Columbia Heights has reflected the ups and downs of American urban history since its original landowners erected the first buildings over a century ago.
Its 14th Street was a popular destination during the streetcar era, losing its cache during the heyday of the automobile, and regaining it thanks to the advent of Metrorail, “big box” retail, and a slew of appealing dining venues. Yet the transition between these periods was anything but simple or seamless. On April 4, 1968, riots following the assassination of Rev. Dr. Martin Luther King, Jr. sparked extensive looting and burning of commercial property. For decades afterwards, boarded-up businesses and empty lots marred the formerly vibrant community. Nearly 40 years passed before the Columbia Heights Metrorail station opened, spurring construction of new apartment buildings, restoration of local jewels like the Tivoli Theater, and development of the massive DC USA shopping complex. The walk will trace how the Columbia Heights of old continues to inform the neighborhood’s current identity.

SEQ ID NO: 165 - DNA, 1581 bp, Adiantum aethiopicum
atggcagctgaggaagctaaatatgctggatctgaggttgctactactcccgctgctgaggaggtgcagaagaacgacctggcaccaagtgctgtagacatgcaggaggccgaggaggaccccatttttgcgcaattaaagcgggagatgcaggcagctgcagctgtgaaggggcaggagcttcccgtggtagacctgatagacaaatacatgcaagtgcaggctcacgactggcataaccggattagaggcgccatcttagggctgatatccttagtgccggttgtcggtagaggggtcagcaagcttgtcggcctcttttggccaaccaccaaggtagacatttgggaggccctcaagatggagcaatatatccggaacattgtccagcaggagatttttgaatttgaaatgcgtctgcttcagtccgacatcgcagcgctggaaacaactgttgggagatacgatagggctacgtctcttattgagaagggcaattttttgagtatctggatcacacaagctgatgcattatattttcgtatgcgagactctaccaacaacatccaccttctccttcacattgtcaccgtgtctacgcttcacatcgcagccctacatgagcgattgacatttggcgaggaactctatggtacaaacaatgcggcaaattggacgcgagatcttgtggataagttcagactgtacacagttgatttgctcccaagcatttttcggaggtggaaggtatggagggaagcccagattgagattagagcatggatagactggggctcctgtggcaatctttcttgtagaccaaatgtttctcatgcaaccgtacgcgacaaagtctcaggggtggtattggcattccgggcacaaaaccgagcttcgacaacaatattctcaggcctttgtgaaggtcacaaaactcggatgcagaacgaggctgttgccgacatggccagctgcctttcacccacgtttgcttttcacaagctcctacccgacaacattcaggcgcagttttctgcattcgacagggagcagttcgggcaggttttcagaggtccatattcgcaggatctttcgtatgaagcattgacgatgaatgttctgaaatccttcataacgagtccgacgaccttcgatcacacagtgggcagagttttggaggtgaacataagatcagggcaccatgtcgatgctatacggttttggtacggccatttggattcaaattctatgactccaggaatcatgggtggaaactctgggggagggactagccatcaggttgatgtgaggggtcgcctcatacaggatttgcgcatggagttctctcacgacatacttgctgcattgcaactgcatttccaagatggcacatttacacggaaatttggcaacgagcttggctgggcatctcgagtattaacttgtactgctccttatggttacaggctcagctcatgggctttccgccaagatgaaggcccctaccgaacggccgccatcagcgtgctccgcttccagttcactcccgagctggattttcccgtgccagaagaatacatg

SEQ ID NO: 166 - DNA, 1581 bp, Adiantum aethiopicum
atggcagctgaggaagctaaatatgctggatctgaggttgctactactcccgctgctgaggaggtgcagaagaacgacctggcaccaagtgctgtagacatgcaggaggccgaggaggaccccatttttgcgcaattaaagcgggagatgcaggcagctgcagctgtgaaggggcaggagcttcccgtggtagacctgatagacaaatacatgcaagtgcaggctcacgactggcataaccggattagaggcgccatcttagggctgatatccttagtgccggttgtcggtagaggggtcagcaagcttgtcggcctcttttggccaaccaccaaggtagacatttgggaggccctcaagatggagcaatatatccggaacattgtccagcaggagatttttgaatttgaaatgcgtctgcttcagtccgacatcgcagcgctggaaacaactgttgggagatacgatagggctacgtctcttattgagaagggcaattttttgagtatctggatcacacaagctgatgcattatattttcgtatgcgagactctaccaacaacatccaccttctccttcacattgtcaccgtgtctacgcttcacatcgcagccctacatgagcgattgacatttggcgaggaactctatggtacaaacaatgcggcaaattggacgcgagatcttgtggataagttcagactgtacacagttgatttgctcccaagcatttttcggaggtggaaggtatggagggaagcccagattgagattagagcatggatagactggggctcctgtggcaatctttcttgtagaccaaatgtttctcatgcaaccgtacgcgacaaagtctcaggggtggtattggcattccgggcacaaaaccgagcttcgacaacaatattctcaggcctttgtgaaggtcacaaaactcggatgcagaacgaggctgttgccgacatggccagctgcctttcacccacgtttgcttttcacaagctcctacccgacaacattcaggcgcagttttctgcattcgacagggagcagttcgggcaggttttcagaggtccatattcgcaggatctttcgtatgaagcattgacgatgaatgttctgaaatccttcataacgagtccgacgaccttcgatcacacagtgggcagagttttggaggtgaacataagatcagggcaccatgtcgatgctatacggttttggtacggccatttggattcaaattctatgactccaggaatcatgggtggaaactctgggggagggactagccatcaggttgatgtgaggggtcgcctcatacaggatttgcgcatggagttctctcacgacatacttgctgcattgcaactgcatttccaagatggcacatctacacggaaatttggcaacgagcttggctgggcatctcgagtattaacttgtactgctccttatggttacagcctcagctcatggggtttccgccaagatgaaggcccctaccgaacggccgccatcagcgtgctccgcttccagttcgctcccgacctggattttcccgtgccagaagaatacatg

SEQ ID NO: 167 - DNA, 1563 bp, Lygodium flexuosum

Led by Brian
This walk is one in a series of Washington Walks tours offered during 2018 to mark the 50th anniversary of the pivotal year 1968. #DC1968
2019 dates to be announced soon.
$20 per person (kids 3 and younger free). $5 discount with U.S. military or federal government ID. Pay in advance or with cash or a credit card when you arrive.